Theme Of Love In Wuthering Heights

786 WordsOct 26, 20174 Pages
Emily Bronte’s Wuthering Heights draws a close line between love and hate as a major theme in the novel. The different sides of love are demonstrated by Bronte through situations that draw upon the nature of being human. The author displays the selfish, destructive and the betrayal side of love between the main character as well as minor characters in the novel and how they are imprisoned by the same recurring cycle. The relationship shared by Heathcliff and Catherine is the most important as it sets the motion of the rest of the novel. Heathcliff and Catherine’s love is a representation of a fantasy connection between two people that exist beyond words and out of reach of the physical world that simply cannot be explained. A love that…show more content…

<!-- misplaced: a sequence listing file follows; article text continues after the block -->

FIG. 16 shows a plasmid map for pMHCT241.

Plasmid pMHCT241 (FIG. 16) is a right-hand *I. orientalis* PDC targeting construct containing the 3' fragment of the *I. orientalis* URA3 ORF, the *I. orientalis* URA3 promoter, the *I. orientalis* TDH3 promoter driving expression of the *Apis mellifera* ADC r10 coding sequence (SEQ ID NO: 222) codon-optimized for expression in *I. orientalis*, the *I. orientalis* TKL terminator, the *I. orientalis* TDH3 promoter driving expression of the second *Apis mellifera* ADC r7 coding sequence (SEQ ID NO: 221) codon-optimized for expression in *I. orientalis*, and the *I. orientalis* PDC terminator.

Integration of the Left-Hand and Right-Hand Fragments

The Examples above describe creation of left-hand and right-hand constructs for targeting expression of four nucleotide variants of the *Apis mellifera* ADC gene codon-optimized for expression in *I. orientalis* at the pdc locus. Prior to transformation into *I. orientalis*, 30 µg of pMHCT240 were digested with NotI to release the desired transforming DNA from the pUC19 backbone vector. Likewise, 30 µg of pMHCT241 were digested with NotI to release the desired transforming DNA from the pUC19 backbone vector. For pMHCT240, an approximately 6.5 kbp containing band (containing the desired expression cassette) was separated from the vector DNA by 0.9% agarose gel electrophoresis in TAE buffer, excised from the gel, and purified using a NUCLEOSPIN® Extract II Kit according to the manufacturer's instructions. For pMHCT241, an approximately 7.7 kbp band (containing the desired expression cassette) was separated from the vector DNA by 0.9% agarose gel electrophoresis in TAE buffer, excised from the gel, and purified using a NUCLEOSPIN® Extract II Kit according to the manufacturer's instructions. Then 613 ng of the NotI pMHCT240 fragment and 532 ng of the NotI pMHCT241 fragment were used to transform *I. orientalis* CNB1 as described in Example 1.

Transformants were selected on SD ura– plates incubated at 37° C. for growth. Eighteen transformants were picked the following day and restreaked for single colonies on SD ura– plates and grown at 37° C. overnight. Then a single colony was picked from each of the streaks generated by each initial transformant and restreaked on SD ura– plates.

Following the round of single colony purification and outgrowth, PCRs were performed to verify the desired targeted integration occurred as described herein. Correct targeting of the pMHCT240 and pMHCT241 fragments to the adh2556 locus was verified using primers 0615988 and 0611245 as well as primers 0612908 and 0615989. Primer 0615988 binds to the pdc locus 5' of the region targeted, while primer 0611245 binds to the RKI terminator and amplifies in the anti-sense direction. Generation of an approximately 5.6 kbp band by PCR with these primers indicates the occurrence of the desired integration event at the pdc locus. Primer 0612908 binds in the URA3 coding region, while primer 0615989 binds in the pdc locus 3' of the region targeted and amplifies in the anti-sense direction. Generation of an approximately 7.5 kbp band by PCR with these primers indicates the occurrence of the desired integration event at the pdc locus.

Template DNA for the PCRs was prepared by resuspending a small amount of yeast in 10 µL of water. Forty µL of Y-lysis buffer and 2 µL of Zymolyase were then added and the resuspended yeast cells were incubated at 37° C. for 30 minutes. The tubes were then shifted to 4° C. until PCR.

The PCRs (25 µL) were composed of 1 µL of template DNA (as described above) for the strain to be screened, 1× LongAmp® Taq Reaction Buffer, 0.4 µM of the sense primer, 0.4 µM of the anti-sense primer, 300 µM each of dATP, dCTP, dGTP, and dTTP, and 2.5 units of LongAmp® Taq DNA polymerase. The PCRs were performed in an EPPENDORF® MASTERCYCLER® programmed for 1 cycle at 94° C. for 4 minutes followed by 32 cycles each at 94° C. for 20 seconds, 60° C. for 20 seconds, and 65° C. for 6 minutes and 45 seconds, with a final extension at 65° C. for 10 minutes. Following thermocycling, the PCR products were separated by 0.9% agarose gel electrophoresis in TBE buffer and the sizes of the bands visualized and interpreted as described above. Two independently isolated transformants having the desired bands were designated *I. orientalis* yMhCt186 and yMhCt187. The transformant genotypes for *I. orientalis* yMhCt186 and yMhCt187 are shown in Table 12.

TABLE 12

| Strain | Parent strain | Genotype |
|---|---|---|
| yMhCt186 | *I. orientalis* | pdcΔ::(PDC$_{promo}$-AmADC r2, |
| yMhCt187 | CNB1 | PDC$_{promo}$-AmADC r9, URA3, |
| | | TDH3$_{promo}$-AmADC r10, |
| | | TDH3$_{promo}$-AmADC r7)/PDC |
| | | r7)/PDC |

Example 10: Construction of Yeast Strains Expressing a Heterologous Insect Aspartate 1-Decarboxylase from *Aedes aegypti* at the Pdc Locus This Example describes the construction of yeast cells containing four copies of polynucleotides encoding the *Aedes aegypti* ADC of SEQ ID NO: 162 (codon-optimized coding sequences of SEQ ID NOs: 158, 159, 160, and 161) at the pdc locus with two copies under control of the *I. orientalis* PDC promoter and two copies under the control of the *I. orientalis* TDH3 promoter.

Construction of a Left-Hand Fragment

Heathcliff’s love for Catherine makes him destructive as he manages to inflict part of his vengeance onto her daughter. The young Cathy is first physically constrained of her freedom, then stripped of her financial and ownership of property by Heathcliff. “He opened them suddenly, and resigned the object of dispute; but, ere she had well secured it, he seized her with the liberated hand, and, pulling her on his knee, administrated with the other a shower of terrace slaps on both sides of the head, each sufficient to have filled his threat, had she been able to fall” (Bronte 265). Heathcliff’s tyrannical traits for his greed and power seeking appetite has reached a point of total insanity that all other characters suffer, as if he wants all to feel the same pain he has experienced. The author show cases raw emotions of human nature that also draws a small parallelism to animalistic features when it comes to the characterization of Heathcliff in the second half of the novel. The author presents the betrayal aspect of love when Cathy summits to Heathcliff in result of trying to help and save Linton. The young Cathy is held captive in the first place for her love of Linton which backfires on her since he is simply selfish, weak and lets himself be taken as a pawn to Heathcliff’s ultimate revenge. “The anguish he had exhibited on the moor subsided as soon as ever he entered Wuthering Heights;
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